Rule 5: Flipping burgers is not beneath your dignity. Your grandparents had a different word for burger flipping: they called it opportunity.
Rule 6: If you mess up, it's not your parent's fault, so don't whine about your mistakes, learn from them.
Rule 7: Before you were born, your parents weren't as boring as they are now. They got that way from paying your bills, cleaning your clothes and listening to you talk about how cool you thought you were.
Rule 8: Your school may have done away with winners and losers, but life HAS NOT. In some schools they have abolished failing grades and they'll give your as many times as you want to get the right answer. This doesn't bear the slightest resemblance to ANYTHING in real life.
Rule 9: Life is not divided into semesters. You don't get summers off and very few employers are interested in helping you FIND YOURSELF. Do that on your own time.
Rule 10: Television is NOT real life. In real life people actually have to leave the coffee shop and go to jobs.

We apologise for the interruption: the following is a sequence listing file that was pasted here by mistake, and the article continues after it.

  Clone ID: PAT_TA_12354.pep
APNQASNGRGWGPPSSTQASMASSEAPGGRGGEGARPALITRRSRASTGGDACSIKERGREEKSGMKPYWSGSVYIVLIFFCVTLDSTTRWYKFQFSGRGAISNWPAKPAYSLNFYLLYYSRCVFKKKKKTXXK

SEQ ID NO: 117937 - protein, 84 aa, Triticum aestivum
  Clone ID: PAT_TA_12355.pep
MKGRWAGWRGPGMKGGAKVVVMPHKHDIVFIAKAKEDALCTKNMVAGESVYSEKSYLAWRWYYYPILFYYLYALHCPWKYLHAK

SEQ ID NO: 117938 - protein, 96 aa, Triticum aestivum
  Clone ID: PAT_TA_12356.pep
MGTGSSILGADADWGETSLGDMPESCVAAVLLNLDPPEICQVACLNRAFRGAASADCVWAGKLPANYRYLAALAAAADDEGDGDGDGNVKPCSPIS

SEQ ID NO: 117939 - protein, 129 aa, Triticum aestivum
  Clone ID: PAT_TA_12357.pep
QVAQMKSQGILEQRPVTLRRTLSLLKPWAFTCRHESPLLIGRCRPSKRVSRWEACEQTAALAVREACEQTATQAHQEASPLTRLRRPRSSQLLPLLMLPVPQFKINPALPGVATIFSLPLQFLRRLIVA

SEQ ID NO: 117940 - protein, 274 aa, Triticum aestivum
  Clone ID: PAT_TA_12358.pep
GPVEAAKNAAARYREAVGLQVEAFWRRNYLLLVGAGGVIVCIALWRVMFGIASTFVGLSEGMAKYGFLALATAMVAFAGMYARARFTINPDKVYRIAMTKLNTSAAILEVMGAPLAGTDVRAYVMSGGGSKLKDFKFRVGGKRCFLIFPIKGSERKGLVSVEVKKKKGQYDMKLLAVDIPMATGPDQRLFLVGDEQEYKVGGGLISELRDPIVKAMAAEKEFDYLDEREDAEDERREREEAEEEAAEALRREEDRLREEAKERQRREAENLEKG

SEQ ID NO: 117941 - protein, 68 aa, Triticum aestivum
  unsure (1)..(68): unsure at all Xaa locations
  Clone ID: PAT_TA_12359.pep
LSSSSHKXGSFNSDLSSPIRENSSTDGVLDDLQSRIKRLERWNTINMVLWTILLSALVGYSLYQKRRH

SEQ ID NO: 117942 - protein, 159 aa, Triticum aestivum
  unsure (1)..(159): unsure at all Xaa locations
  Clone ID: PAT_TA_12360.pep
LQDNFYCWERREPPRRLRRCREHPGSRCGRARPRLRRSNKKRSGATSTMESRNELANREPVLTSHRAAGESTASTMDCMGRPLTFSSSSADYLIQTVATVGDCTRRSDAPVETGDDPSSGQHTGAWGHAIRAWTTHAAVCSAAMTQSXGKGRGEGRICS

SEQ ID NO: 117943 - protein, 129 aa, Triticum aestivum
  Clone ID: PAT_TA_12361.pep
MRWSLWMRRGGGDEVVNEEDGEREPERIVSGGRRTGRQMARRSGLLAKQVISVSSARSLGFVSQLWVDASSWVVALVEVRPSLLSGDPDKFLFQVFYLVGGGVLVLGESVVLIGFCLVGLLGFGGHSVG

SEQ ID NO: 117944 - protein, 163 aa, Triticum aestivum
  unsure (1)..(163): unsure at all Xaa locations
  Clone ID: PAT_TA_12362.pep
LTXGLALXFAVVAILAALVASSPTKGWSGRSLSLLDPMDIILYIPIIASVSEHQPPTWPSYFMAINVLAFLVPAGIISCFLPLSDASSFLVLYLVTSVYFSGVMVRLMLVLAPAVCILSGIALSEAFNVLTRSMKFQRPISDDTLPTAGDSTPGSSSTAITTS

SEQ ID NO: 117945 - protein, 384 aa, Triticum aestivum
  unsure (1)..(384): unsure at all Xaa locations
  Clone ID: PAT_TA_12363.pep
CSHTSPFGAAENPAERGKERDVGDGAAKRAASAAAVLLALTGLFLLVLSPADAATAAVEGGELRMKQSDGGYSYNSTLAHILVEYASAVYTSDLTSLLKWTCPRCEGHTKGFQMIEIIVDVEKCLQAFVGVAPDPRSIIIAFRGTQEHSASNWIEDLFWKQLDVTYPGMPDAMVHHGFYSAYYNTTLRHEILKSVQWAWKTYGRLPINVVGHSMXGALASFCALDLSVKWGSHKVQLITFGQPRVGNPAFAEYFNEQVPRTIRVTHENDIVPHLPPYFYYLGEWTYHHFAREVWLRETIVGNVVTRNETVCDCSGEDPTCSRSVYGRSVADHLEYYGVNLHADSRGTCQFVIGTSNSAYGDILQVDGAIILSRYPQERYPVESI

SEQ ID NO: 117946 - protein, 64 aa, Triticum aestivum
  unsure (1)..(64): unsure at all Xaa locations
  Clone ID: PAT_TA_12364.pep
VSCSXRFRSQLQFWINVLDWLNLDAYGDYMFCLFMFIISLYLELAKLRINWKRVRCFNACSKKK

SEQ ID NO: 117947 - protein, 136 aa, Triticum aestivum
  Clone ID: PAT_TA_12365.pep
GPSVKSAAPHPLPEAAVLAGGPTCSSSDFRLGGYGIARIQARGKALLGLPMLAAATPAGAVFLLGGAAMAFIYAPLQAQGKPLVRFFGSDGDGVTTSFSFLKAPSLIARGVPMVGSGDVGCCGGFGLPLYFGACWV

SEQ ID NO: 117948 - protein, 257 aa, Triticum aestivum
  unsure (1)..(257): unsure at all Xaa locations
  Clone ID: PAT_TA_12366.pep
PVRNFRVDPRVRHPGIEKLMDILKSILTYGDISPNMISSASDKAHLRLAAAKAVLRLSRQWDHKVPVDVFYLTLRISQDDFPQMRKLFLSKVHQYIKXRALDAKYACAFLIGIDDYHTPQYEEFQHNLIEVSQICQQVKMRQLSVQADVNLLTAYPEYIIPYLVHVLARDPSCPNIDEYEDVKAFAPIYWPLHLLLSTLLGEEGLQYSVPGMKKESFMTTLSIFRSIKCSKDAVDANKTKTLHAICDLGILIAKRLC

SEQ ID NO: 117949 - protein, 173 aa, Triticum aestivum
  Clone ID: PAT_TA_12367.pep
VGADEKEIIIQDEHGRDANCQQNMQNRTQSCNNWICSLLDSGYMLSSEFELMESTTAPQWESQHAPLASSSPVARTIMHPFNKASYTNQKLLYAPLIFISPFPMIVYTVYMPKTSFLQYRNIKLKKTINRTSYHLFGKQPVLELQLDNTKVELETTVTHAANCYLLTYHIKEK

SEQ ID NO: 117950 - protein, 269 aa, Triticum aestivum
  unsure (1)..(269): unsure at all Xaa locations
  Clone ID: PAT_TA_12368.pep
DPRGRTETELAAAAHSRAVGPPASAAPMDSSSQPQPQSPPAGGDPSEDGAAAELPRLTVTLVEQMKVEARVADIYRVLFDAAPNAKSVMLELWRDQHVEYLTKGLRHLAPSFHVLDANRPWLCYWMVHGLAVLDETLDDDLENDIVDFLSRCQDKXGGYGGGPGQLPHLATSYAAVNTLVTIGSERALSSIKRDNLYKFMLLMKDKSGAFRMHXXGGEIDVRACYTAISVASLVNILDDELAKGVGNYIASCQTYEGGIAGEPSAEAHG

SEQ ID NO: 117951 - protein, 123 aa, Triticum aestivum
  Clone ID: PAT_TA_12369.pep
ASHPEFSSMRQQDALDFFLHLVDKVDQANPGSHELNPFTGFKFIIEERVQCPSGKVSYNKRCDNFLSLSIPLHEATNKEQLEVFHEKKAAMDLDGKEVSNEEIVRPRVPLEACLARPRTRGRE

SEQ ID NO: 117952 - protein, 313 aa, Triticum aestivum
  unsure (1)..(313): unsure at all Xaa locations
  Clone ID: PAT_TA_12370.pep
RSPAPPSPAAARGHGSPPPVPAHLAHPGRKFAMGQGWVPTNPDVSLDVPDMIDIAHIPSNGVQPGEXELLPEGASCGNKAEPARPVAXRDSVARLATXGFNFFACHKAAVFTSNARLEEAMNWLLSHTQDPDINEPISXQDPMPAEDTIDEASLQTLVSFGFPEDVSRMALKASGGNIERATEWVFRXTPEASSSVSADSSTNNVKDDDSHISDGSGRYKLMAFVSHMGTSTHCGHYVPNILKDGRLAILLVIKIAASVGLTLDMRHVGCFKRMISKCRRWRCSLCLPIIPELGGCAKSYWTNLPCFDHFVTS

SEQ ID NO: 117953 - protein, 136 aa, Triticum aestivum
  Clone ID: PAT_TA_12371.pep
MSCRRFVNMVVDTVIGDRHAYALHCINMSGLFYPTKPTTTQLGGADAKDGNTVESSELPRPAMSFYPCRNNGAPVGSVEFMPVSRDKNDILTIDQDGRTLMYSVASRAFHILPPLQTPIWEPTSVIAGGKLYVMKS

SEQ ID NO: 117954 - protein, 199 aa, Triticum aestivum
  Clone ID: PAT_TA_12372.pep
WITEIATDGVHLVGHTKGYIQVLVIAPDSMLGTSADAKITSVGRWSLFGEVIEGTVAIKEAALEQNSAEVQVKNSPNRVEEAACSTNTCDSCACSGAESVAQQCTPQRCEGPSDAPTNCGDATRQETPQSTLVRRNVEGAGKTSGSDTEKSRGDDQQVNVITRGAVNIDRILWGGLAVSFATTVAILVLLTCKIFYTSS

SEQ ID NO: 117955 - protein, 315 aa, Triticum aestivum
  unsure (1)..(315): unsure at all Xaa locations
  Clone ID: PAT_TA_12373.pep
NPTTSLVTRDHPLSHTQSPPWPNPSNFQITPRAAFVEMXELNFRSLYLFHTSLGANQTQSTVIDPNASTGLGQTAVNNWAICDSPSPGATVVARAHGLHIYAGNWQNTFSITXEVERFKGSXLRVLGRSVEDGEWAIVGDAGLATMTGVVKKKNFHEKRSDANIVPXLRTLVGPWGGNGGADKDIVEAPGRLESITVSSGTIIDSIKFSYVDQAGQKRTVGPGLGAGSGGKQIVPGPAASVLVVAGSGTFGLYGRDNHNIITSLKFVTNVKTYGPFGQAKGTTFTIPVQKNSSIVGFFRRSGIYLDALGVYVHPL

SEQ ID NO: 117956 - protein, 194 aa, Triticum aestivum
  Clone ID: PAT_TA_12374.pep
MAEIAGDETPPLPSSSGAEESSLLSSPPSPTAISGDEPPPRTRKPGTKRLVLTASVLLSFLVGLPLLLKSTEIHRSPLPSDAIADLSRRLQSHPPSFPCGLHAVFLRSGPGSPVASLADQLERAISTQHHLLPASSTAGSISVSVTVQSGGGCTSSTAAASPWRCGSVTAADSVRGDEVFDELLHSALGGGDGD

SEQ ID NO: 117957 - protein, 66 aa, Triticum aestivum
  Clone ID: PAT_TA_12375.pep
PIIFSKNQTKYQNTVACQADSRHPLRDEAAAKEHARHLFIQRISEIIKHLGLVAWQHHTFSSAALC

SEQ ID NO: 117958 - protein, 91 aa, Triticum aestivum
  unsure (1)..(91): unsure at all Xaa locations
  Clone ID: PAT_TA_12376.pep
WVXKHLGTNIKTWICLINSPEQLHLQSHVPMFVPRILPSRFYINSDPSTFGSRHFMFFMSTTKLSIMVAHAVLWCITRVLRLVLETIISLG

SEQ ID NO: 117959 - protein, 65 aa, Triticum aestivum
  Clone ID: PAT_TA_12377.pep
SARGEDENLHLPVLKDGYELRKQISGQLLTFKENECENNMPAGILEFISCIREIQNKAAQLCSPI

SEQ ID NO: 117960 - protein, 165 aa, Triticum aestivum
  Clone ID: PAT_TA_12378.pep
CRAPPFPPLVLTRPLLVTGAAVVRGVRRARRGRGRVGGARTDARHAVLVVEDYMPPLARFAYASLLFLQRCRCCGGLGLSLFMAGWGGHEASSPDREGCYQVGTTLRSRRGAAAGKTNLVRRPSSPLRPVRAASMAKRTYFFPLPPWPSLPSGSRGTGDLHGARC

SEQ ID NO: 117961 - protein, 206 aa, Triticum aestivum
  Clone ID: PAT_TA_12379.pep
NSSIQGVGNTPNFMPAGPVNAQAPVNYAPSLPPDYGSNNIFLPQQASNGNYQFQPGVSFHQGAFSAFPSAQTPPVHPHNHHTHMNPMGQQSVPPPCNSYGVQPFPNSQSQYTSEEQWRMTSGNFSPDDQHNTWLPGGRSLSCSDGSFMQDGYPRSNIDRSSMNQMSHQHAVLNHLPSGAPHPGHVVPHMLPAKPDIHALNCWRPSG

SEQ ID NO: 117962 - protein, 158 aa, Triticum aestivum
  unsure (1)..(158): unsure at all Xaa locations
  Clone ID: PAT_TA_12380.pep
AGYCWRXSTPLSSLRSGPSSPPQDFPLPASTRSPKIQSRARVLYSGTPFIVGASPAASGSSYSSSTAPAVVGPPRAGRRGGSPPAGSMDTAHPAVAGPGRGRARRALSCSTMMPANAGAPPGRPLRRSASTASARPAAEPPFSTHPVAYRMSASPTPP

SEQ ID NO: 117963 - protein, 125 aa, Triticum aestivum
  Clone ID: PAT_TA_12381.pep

Rule 11: Be nice to nerds. Chances are you'll end up working for one.
And finally ... the quotation as film.
The following video is one of many on the theme of the apparent wisdom of geese. This idea has obviously inspired many people to make their own videos using the same images. Not all of them have been successful and the sensitive video that I was sent as an email attachment some time ago is sadly not amongst them.
So I found the next best one to add to this hub. The message however still moves me to tears. I suppose it could be because what seems to come so naturally to the geese is such a struggle for humans ... to our enduring shame.